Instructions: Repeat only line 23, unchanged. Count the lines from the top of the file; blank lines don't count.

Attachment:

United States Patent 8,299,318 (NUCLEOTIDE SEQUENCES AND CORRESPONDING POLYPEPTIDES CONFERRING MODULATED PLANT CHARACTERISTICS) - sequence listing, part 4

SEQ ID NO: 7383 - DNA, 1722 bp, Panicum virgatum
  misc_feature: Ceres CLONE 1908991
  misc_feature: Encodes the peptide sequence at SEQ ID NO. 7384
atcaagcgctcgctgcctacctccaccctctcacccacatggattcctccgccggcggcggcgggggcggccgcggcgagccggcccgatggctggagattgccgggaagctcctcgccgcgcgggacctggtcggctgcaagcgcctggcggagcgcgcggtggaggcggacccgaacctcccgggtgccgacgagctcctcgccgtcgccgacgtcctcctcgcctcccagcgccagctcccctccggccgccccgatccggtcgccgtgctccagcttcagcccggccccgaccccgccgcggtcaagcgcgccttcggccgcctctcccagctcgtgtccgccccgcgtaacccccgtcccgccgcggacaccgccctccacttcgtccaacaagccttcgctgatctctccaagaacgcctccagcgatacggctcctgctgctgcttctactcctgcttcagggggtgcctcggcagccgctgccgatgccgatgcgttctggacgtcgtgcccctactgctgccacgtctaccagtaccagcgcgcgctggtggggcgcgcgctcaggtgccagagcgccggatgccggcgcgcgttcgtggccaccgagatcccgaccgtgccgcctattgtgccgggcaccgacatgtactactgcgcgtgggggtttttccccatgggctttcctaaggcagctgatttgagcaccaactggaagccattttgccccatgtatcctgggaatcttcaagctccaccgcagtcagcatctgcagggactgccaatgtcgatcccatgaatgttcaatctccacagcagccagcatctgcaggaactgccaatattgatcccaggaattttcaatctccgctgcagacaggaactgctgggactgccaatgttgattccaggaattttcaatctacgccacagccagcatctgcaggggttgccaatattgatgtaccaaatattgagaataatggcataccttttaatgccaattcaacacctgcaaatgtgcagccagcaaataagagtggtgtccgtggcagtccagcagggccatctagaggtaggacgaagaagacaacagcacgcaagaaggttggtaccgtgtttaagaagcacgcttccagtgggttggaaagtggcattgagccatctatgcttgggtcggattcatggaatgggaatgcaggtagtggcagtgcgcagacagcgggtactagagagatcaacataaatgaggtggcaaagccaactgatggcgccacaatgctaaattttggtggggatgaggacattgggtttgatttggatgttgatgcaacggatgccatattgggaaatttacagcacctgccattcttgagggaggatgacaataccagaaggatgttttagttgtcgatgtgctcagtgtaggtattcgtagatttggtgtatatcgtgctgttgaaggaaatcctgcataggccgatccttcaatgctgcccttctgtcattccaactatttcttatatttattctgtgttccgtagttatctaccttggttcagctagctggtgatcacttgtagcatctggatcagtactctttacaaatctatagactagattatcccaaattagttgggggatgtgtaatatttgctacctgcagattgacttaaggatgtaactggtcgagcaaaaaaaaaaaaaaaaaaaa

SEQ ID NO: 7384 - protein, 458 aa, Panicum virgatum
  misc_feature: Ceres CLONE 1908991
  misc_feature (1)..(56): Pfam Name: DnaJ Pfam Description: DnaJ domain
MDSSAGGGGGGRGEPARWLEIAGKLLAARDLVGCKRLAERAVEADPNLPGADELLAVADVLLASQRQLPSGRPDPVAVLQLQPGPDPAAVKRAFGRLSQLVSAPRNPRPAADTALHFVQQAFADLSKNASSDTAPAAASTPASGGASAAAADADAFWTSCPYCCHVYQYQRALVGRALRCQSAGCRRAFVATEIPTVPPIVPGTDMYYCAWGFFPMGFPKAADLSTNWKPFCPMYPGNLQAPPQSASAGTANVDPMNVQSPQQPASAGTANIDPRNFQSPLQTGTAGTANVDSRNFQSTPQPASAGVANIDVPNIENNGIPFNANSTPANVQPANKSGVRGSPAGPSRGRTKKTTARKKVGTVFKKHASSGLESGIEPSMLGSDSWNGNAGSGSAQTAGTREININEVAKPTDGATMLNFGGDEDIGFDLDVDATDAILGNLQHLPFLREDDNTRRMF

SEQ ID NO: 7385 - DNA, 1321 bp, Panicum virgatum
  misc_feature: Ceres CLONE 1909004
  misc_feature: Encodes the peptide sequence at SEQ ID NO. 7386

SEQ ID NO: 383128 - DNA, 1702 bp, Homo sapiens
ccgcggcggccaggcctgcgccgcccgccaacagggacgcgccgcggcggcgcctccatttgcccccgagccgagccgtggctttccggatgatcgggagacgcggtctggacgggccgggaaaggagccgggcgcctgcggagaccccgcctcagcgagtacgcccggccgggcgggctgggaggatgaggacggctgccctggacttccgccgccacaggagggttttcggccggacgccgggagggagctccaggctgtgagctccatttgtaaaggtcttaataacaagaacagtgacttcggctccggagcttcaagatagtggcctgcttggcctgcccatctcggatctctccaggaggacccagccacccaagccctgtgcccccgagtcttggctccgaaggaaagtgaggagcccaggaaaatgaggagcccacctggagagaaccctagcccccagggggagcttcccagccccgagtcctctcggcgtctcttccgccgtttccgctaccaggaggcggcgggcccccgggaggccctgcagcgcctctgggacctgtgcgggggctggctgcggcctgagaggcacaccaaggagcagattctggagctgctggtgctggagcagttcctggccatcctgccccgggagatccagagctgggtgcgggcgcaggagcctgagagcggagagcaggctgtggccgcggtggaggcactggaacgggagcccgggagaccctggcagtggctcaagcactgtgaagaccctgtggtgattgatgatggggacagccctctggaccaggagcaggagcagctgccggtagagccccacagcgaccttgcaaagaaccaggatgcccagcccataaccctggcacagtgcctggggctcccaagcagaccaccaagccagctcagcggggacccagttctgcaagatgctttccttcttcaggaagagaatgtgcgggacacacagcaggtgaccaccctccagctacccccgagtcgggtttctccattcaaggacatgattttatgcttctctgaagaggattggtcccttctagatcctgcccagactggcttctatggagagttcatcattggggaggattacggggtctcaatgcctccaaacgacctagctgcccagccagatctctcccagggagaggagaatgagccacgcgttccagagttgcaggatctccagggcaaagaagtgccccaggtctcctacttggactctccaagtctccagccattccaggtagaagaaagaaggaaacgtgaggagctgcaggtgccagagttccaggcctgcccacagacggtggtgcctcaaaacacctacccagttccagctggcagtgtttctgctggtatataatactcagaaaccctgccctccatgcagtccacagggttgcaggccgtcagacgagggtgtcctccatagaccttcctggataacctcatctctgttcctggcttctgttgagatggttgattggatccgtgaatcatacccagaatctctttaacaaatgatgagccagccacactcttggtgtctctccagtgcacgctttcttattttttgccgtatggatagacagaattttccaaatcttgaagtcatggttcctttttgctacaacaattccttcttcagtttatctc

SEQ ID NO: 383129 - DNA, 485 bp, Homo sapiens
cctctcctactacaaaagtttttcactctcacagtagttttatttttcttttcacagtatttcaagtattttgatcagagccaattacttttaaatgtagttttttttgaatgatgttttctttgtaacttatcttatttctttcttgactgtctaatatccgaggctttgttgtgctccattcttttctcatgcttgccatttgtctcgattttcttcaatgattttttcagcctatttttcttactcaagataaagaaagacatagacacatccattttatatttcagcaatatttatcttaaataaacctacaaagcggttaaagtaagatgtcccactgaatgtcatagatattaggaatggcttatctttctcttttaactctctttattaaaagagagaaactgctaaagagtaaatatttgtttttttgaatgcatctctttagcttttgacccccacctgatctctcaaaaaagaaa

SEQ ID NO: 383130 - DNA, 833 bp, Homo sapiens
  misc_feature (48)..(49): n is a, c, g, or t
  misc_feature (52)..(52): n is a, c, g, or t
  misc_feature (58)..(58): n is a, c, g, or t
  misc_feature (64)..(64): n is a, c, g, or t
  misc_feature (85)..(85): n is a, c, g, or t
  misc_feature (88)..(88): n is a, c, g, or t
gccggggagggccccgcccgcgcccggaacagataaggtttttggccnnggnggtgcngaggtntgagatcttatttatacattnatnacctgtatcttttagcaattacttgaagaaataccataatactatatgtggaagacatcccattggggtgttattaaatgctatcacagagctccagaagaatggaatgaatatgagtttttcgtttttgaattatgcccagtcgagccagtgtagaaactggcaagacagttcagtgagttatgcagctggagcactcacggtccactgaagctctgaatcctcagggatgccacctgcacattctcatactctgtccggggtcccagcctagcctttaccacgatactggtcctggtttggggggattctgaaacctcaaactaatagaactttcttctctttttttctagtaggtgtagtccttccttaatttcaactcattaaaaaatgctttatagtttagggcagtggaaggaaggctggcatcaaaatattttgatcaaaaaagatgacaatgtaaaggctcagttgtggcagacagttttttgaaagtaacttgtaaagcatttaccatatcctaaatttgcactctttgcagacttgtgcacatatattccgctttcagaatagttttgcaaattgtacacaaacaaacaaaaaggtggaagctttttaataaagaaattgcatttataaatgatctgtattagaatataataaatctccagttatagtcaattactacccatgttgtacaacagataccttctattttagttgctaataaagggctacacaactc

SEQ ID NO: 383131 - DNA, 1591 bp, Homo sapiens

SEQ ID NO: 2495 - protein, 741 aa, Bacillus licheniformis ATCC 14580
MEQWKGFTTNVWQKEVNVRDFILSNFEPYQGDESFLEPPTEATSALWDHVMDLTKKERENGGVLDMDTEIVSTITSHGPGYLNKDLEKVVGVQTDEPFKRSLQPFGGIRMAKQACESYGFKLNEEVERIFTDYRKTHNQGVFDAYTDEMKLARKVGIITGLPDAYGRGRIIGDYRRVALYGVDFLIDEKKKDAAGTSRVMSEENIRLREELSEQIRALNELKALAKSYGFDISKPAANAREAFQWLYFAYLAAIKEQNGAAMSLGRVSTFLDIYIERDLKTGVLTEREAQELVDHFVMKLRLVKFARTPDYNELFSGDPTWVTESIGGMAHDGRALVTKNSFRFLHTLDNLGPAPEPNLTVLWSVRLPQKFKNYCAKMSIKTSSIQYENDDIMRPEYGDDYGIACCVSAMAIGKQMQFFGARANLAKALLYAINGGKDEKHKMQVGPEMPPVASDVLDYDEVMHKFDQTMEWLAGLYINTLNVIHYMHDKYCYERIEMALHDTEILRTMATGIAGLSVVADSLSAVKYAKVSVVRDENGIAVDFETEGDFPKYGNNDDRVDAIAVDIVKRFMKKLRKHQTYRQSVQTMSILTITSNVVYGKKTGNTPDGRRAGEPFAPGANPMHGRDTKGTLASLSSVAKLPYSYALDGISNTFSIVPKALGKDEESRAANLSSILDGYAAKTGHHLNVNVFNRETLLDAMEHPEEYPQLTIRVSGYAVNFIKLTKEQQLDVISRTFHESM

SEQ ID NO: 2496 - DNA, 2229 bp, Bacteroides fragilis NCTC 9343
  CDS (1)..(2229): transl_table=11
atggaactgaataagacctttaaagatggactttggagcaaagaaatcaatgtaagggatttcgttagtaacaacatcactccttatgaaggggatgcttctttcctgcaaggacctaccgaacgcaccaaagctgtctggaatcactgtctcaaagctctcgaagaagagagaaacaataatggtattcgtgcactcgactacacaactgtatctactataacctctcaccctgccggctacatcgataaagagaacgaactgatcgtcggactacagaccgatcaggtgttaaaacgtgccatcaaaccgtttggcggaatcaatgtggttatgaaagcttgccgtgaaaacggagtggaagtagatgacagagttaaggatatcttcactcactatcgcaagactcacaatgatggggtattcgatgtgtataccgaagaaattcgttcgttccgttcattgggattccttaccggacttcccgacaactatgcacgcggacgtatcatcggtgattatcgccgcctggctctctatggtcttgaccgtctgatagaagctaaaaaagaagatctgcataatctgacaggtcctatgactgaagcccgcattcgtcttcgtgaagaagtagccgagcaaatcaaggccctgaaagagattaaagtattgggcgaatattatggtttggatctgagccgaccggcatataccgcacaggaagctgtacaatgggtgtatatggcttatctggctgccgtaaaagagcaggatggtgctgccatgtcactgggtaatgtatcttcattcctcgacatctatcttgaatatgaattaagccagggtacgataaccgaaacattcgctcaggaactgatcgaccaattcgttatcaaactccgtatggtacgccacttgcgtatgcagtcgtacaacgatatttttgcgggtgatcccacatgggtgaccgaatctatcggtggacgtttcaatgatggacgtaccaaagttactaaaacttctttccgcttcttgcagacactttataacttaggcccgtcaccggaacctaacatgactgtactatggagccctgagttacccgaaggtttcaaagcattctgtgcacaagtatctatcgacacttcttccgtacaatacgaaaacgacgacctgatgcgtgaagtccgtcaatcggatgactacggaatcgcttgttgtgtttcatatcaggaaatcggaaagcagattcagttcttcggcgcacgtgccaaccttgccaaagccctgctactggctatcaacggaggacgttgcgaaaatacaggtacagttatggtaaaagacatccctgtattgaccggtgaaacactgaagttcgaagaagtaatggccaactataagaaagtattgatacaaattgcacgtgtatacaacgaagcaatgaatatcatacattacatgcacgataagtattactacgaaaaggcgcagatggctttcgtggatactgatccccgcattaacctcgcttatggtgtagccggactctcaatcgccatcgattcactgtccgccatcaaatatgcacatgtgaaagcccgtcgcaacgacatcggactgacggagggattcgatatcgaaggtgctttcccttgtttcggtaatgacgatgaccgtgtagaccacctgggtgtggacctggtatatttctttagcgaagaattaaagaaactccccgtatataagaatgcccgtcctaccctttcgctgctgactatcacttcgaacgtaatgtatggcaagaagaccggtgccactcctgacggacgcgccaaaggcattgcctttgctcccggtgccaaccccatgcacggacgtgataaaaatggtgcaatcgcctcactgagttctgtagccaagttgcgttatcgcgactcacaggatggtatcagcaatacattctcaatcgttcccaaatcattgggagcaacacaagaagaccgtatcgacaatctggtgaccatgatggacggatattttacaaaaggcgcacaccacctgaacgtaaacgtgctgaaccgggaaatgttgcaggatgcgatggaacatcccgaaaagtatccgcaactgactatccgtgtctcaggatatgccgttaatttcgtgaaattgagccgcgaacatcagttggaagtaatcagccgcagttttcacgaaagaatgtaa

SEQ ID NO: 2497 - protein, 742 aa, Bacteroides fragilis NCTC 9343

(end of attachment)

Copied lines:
  misc_feature (88)..(88): n is a, c, g, or t